Talking about change in IT infrastructure, Indian enterprises are almost at the center of transformation. Adaptation to cloud-like architecture is no more a thing of future for small and large scale businesses. Now, taking the way how IT functions a step forward, software defined networking (SDN) might just open up mammoth opportunities for our CIOs.
“India is going through an explosive growth. There has been a triple digit growth from financial year 2013 to 2014 for us. In sectors like PSUs, education, banking, and finance there has been widespread adoption of modern-day technology,” says Edgar Dias, regional director, India, Brocade.
According to a new forecast from International Data Corporation (IDC), the worldwide SDN market for enterprise and cloud service provider segments will grow from $960 million (about Rs 5760 crore) in 2014 to over $8 billion (about Rs 48,000 crore) by 2018, representing a robust CAGR of 89.4 percent. Owing to the seductive numbers, Indian CIOs are probably getting tempted.
“Some CIOs are not sure whether they can take a proprietary or an open approach. But, if you can guarantee that a SDN product has gone through all quality and assurance analysis, enhancement, and other regular processes based on an open source initiative, I am sure CIOs will adopt it. SDN will undoubtedly have a tremendous impact in the coming one or one and a half year,” says George Chacko, systems engineer manager and lead technical consultant, Brocade.
Indian CIOs might have been initially suspicious regarding SDN thinking it could be a hype, but now they are definitely looking at it as an opportunity to revamp their old IT infrastructure.
“SDN is definitely not a hype, it is a demand. Datacenters were mostly operated by a person called datacenter operator and he used to report to datacenter-in-charge and this in turn was divided into two halves called administration and expertise,” says Suresh Shanmugam, national head – Business Information Technology Solutions, Mahindra & Mahindra Financial Services.
The networking domain in India has been the same for a long time. But today, we are in a situation where applications have changed, virtualization has crept in and people are building cloud-like architectures.
“India is now in a phase where the older architecture isn’t compatible with the new generation applications and this is where fabric based architecture and network function virtualization comes in and SDN is more relevant now than before,” says Chacko.
“I do not think SDN is an exaggeration. Software defined networking will give a lot more flexibility than we have now,” says Subramanyam Putrevu, CIO, Mindtree.
Chacko believes that there are three things that will drastically bring in change in the enterprise world. And they are fabric-based infrastructure, virtualizing network functions, and software defined network.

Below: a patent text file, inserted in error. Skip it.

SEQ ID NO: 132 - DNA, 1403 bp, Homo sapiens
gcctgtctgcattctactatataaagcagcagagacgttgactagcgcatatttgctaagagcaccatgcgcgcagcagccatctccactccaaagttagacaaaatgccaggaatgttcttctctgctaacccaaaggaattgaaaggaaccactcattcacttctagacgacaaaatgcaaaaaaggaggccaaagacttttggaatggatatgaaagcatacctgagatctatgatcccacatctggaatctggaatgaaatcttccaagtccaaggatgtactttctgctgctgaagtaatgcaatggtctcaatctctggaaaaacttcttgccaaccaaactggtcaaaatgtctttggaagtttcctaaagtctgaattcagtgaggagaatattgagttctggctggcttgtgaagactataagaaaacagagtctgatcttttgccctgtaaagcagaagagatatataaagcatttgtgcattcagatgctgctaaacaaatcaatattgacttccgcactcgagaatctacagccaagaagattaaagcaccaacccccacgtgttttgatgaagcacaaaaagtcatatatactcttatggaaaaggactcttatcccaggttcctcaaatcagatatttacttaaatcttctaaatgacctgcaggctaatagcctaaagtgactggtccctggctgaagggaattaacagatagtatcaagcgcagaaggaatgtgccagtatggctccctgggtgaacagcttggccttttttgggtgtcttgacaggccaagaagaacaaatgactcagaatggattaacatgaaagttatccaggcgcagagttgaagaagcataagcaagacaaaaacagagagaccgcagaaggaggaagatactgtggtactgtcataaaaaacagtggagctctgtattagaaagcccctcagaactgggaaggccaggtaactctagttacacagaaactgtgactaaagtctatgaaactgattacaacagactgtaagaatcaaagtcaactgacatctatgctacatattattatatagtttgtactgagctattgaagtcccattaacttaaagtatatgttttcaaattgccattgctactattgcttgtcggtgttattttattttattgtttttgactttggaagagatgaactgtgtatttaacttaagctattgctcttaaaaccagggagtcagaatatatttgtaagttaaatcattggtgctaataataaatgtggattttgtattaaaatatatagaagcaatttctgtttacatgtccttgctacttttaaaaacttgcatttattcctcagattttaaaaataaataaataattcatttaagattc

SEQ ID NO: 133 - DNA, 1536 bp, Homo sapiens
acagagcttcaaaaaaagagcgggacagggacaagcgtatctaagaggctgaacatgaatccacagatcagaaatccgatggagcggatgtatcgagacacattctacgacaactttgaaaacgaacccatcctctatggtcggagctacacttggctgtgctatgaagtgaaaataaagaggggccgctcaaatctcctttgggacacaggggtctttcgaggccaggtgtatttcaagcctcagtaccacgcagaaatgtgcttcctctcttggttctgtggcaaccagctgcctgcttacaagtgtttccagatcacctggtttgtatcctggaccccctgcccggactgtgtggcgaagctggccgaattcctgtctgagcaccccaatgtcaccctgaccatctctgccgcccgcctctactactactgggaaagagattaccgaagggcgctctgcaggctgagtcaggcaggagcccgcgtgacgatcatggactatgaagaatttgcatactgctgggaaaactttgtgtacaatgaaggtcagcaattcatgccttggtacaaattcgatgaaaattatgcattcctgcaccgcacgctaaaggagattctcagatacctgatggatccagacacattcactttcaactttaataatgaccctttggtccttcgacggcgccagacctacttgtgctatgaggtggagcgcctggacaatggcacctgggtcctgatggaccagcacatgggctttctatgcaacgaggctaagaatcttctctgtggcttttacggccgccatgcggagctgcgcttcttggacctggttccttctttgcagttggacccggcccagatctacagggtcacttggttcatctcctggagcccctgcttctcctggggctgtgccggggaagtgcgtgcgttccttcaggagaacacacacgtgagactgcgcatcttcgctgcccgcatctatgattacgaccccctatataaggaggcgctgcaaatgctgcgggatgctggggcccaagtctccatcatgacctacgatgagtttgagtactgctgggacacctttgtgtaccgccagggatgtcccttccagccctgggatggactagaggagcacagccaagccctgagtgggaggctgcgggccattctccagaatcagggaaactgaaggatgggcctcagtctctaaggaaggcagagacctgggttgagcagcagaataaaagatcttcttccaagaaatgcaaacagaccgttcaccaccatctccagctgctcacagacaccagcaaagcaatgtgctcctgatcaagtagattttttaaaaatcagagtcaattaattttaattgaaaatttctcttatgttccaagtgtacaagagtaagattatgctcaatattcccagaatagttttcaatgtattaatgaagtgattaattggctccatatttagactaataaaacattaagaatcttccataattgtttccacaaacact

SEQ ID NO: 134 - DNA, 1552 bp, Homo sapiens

Initially networks were built to suit a layered approach and now it has dramatically changed, therefore, there is a need now to change the whole application infrastructure, including compute and storage.
“No matter what the technology is, there are always some early adopters and there will be someone murky who will be adopting SDN technology and re-architect his entire network. This will definitely raise interest among others,” says Dias.
“SDN is to drive agility and programmability. Some CIOs are hesitant to adopt SDN because they do not have the people to program, but here the packaged applications take care of programming,” says Chacko.
“In India the trend is definitely towards software defined technology and its demand will gradually rise. Nowadays you can hardly see executives running around with screwdrivers to fix switches. Keeping in mind this changing scenario, software defined will matter a lot in the future. Monitoring areas by using software is definitely the better way than depending on hardware,” says Shanmugam.
Chacko is of the opinion that with SDN a CIO does not have to think how he needs to program it, or worry about resources and skill set. He feels by using this solution a CIO can easily get his business problems solved. “Focus should not be on SDN, but on the business problem it solves,” says Chako.
A major advantage of using an open source technology is that it will enable CIOs to break free from vendor lock-ins.
“Adaptation of SDN technology will bring in a lot more heterogeneity. It will also certainly enable low vendor lock-in and will increase the return on investment,” says Putrevu.
For instance, apps made phones do different functions. SDN has the same potential. It has the power to re-architect the way we do things. It is doing more for less and with ease of use.
When it comes to enterprises in the domain of broadcasting and real time monitoring, avoiding downtime becomes very critical.
“The fabric becomes a crucial part when you need to ensure that there is no downtime. At the end of the day software has to reside on something. So hardware is not going to go away, and it has to be highly resilient, available, and flexible to be able to handle different kinds of traffic flows,” says Dias.
Shanmugam adds that when it comes to software defined, things are less costly when compared to hardware, especially when we think of importing hardware.
With so much positivity around SDN, the thing that remains to be seen is whether CIOs will adopt it with much zeal in the coming days.